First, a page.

A 38 North exclusive with analysis by Jack Liu, Frank V. Pabian and Peter Makowsky
A review of commercial satellite imagery of the Sohae Satellite Launching Station beginning in spring and running through fall 2018 reveals activity beyond the previously reported dismantlement steps taken at the launch pad and vertical engine test stand. Specifically, the North Koreans appear to have also altered the original roof of the fuel/oxidizer structure/bunker at the launch pad. The limited image resolution, however, precludes determining whether this activity is just a structural modification or an additional step towards implementing Pyongyang’s pledge to dismantle the Sohae facility.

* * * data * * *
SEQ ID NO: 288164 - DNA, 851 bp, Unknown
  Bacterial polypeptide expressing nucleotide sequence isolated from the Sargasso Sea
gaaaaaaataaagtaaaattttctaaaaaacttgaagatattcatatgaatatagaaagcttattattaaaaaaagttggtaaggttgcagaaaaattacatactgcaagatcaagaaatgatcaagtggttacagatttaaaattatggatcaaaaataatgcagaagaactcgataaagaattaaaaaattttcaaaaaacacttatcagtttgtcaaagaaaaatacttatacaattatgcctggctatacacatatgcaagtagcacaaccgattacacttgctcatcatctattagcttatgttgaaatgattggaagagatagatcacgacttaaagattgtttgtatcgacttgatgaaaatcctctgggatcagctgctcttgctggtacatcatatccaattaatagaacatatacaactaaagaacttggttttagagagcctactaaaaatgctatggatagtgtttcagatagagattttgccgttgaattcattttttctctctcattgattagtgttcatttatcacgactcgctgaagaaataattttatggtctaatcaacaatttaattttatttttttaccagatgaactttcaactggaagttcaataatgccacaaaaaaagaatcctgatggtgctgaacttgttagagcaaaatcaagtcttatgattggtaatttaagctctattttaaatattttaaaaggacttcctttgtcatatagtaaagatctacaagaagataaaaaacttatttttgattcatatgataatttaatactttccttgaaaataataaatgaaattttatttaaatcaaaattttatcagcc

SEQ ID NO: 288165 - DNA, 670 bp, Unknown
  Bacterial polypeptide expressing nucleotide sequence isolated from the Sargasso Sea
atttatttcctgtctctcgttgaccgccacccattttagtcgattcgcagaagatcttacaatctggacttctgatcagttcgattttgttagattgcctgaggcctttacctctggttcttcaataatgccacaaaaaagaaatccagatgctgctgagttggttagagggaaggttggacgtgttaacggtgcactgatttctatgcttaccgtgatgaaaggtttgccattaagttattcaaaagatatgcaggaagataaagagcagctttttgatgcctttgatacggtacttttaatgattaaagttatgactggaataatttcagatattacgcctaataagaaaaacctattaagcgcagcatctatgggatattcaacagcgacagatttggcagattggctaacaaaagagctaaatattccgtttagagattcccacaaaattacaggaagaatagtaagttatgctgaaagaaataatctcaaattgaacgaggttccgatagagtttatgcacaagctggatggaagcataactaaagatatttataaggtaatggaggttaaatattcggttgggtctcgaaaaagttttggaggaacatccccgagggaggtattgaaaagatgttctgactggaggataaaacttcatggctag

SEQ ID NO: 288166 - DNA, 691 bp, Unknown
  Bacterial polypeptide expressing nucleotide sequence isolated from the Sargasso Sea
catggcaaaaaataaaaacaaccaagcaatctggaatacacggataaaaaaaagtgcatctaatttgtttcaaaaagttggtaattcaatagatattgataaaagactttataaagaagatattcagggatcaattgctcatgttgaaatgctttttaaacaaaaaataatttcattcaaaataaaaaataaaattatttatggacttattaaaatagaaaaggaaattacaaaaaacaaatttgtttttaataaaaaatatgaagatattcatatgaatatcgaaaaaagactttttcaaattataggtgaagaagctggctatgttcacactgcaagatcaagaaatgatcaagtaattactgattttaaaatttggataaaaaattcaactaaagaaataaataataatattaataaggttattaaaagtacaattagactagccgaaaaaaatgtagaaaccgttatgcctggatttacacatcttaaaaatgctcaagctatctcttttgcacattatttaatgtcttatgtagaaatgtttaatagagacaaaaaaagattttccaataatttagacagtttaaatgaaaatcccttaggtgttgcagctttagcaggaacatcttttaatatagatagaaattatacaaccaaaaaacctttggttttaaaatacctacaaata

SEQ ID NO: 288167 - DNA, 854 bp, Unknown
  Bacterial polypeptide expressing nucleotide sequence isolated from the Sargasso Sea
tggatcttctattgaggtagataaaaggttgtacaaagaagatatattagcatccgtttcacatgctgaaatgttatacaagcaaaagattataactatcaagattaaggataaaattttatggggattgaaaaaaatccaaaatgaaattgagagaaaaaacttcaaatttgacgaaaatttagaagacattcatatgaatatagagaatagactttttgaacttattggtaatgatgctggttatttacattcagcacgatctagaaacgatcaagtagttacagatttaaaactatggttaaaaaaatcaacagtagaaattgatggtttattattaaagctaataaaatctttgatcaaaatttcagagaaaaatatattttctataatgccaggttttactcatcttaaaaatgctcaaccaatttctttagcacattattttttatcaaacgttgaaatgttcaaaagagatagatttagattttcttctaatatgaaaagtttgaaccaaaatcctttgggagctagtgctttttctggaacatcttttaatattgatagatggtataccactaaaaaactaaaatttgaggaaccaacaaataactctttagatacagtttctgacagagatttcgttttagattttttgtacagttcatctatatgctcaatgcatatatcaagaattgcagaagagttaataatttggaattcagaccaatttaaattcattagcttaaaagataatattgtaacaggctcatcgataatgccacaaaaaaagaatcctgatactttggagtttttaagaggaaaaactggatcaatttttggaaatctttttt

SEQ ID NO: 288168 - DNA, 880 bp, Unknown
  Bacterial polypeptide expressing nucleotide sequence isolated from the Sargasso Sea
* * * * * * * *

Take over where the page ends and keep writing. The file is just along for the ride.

Imagery from March 14 and May 26, 2018, shows the original roof of the fuel/oxidizer structure as smooth and flat.
Figure 1. Original roof of fuel/oxidizer bunker at the launch pad smooth and flat in March 14 and May 26 imagery.
The next available image from July 22 reveals a change in the roof’s appearance. There may be objects on the roof. Alternatively, parts of the roof could have been dismantled. That change is confirmed by subsequent images of the structure.
Figure 2. Possible roof work and objects on roof observed.
The limited resolution of the satellite imagery precludes definitively determining whether the change is related to dismantlement. The lack of distinct shadows, indicative of roof sections removed and revealing the darkness below, supports the notion that there may be objects on the roof associated with removal that has yet to occur. Like activities at the launch pad and test stand, this activity has ceased since July 22. If confirmed by further activity, dismantlement of the fuel/oxidizer bunkers would be another important step in fulfilling North Korea’s pledge.